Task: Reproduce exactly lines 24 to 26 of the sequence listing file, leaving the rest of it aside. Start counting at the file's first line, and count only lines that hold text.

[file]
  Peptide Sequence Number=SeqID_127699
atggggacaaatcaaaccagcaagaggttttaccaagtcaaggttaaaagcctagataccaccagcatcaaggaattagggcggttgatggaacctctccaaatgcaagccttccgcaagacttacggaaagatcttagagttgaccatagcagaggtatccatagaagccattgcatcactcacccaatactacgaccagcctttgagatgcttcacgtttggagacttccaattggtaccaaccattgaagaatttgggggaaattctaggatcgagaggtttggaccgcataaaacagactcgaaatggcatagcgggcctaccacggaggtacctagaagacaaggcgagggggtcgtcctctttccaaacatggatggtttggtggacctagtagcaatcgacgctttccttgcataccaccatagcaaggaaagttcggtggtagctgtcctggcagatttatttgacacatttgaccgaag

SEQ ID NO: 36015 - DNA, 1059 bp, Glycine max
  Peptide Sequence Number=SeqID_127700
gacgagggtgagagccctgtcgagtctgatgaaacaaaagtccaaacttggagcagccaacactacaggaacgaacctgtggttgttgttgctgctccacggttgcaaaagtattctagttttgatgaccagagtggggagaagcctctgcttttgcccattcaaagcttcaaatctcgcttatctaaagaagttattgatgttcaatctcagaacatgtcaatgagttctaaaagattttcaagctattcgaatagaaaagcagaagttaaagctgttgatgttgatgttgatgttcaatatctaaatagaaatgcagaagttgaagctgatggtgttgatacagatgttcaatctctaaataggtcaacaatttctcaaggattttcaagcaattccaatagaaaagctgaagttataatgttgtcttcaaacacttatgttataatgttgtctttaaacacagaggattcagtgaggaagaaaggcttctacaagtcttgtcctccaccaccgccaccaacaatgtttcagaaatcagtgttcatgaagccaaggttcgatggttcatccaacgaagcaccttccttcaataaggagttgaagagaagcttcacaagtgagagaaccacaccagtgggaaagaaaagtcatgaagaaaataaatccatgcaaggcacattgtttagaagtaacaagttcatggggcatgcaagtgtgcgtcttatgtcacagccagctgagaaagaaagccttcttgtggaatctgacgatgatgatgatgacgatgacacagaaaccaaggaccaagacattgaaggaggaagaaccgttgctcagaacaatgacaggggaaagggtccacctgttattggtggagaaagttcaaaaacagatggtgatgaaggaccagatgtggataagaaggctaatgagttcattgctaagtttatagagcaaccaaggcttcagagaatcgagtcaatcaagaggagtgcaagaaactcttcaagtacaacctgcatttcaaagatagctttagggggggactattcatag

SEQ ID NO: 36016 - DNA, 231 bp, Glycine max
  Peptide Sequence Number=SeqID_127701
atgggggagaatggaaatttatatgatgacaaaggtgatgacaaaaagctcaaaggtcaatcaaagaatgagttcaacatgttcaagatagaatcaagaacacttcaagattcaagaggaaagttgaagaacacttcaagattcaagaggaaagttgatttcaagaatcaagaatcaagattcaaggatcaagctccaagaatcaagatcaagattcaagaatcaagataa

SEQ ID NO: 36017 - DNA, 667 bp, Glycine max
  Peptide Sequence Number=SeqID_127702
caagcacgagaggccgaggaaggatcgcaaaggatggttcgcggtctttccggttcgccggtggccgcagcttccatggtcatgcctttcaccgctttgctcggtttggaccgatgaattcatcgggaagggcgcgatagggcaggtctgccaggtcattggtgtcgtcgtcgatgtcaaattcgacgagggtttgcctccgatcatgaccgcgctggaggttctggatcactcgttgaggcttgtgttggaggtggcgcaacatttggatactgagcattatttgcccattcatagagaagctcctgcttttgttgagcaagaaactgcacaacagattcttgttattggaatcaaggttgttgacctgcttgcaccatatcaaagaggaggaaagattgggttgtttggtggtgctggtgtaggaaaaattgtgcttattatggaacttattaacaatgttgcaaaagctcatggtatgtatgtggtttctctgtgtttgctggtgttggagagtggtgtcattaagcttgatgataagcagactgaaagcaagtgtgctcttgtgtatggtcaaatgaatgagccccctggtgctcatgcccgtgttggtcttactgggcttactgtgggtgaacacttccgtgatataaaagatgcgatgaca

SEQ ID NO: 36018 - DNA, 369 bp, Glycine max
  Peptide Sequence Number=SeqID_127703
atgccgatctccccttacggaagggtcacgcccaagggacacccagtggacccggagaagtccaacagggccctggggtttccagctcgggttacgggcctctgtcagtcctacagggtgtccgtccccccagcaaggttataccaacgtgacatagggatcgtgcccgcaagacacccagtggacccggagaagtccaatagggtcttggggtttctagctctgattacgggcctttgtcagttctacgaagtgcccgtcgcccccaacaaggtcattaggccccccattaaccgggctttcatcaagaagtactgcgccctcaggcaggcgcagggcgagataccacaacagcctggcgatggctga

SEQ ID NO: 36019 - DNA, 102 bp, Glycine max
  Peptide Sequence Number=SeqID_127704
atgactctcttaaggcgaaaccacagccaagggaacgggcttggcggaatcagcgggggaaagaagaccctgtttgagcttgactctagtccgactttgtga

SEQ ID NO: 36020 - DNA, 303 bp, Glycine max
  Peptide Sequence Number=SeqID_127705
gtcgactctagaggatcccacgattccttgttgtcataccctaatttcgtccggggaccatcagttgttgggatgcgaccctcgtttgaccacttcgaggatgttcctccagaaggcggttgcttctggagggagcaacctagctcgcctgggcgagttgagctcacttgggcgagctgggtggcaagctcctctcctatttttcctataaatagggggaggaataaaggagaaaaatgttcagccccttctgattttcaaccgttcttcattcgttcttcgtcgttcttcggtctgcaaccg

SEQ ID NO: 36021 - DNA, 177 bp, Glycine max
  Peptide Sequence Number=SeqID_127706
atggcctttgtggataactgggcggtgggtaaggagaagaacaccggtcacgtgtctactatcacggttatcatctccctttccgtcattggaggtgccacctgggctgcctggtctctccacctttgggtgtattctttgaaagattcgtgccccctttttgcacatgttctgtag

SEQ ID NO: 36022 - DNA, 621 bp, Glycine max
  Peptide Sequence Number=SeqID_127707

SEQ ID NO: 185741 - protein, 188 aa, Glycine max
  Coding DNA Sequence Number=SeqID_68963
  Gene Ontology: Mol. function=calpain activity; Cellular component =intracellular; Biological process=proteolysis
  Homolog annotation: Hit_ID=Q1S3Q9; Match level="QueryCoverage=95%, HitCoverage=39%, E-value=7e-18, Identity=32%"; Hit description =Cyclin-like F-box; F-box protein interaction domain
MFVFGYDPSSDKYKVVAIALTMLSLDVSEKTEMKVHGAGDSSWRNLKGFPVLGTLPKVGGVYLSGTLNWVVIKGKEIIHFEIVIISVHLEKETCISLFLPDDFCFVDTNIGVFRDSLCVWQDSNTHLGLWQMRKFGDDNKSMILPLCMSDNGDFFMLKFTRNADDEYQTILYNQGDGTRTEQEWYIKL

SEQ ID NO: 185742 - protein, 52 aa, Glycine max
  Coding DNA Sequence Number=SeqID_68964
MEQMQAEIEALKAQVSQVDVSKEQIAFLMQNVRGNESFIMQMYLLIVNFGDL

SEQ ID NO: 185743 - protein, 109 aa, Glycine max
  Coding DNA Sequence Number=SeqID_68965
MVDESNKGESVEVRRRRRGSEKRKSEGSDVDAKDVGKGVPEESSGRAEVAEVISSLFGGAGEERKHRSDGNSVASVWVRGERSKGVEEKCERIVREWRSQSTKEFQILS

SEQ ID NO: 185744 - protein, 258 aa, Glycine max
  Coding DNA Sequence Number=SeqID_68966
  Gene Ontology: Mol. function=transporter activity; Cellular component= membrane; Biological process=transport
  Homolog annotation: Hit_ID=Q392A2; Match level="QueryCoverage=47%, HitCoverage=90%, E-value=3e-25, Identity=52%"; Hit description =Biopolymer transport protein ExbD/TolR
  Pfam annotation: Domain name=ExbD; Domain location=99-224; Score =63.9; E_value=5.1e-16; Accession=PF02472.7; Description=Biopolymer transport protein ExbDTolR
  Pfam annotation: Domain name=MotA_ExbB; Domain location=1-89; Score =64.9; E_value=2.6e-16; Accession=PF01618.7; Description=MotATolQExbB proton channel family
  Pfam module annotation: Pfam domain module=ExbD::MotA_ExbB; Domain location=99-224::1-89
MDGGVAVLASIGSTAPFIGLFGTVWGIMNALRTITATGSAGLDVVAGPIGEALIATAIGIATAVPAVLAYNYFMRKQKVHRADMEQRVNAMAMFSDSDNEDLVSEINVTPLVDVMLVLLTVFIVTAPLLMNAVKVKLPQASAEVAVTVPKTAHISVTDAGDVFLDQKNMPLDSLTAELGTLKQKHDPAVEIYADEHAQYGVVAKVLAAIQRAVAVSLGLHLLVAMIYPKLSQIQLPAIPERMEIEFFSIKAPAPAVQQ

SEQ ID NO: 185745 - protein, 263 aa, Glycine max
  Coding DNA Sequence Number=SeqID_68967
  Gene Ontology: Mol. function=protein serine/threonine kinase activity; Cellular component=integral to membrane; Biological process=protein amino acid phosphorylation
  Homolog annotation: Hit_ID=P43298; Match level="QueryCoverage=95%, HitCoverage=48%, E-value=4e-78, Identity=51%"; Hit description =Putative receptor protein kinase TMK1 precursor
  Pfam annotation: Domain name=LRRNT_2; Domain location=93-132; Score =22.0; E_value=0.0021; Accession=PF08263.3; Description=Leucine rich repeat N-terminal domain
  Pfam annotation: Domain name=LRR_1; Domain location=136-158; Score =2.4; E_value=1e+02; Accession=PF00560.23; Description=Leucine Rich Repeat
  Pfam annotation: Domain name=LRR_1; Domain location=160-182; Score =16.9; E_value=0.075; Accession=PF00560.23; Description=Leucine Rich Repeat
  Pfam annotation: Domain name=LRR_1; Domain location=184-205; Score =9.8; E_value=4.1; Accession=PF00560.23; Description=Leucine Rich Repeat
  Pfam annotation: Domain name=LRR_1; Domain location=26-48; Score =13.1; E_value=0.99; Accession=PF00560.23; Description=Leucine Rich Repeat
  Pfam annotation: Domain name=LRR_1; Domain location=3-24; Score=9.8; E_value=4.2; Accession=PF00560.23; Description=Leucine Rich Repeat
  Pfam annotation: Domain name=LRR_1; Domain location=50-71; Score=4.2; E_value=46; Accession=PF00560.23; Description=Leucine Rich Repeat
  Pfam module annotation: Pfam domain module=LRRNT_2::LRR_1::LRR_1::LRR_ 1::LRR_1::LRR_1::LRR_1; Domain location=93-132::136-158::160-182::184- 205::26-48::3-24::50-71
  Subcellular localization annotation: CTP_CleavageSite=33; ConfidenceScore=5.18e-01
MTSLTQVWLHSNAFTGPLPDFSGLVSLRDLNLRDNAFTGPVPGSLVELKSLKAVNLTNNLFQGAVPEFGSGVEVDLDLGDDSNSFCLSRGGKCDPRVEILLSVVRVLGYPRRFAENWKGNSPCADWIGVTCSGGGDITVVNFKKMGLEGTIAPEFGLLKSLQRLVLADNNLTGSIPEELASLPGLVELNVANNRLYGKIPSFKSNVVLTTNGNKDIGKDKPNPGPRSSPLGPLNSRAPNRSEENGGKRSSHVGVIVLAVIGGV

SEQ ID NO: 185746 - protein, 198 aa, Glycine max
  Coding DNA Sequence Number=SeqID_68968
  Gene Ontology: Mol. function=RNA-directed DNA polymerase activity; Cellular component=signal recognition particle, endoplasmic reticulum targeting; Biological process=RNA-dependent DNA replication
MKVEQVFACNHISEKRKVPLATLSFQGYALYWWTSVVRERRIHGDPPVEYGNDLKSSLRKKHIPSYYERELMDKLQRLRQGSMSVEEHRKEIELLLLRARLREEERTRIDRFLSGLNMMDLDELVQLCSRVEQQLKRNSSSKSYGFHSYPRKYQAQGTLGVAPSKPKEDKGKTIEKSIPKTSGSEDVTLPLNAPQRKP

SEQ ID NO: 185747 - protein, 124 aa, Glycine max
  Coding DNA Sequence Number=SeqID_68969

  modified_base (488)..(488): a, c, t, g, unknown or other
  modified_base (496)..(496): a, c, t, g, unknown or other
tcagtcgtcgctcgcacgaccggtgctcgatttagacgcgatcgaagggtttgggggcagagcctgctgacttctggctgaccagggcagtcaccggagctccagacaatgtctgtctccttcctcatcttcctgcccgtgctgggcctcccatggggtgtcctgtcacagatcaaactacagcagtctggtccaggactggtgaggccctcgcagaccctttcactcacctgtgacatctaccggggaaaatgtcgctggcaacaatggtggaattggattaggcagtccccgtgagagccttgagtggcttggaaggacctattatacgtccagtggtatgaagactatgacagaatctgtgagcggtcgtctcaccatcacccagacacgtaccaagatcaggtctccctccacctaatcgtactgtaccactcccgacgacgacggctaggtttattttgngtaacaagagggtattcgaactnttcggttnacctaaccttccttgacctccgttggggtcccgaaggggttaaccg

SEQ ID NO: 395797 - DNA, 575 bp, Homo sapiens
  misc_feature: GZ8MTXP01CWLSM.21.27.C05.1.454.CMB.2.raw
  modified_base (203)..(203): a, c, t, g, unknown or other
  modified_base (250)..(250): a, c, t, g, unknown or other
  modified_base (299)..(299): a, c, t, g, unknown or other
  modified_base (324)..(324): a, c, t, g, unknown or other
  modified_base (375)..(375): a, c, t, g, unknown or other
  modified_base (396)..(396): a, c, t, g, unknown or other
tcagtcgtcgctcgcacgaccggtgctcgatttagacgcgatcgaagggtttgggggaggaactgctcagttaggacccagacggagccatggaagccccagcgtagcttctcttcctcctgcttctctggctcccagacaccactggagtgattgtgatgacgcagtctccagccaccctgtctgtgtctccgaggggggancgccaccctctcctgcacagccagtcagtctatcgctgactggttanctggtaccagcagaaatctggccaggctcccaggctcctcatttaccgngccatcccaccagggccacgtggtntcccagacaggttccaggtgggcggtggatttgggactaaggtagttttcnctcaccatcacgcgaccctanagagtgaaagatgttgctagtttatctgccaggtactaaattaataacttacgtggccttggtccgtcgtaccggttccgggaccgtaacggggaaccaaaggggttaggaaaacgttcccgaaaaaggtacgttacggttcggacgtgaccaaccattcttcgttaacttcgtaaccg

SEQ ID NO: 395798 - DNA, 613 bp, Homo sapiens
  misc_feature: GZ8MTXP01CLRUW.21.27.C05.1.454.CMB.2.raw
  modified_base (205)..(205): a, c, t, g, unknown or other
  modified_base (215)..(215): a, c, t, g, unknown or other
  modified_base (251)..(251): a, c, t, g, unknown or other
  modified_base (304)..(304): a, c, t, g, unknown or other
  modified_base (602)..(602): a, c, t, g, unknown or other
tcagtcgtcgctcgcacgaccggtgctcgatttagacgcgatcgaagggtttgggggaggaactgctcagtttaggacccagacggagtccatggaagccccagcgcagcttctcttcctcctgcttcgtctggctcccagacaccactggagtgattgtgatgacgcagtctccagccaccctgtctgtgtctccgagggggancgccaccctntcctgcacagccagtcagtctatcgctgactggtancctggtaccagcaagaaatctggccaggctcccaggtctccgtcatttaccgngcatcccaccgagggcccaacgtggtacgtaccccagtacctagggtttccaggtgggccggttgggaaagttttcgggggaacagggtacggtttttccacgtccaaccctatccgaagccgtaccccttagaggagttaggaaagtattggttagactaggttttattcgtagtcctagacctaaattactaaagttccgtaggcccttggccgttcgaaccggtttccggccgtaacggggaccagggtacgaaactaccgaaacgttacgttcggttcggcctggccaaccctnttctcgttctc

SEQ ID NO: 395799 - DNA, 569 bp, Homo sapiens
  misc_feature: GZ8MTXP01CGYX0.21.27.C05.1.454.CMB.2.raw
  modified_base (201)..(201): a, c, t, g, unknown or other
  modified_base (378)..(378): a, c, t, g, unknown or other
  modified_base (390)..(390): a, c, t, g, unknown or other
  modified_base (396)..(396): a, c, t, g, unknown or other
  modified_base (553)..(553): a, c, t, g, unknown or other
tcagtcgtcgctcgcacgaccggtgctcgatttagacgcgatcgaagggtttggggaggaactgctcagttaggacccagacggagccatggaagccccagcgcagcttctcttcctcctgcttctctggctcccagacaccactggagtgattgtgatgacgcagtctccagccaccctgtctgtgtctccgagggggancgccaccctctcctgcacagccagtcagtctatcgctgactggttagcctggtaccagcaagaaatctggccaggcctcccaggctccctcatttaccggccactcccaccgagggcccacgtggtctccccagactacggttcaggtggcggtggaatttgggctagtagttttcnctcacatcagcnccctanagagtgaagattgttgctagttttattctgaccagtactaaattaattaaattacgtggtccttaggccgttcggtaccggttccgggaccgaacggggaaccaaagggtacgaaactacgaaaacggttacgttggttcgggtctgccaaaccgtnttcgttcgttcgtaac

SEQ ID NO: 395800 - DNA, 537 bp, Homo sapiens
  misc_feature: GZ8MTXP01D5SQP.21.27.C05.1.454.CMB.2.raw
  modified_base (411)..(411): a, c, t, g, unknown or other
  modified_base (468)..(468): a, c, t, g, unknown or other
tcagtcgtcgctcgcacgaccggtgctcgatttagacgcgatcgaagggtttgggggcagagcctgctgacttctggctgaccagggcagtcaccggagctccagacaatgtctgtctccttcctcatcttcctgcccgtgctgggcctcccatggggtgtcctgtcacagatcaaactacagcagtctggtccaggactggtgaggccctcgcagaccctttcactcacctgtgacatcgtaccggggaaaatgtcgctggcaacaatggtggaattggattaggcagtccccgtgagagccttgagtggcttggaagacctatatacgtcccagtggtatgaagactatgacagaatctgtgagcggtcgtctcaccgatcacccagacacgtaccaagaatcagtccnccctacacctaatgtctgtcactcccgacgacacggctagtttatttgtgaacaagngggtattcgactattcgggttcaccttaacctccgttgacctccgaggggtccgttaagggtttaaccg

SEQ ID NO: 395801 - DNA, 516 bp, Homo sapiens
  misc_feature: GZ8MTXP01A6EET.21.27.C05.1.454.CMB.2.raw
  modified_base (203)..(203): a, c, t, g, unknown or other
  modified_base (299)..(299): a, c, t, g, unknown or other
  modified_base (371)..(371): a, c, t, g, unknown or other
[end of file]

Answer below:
SEQ ID NO: 36022 - DNA, 621 bp, Glycine max
  Peptide Sequence Number=SeqID_127707

SEQ ID NO: 185741 - protein, 188 aa, Glycine max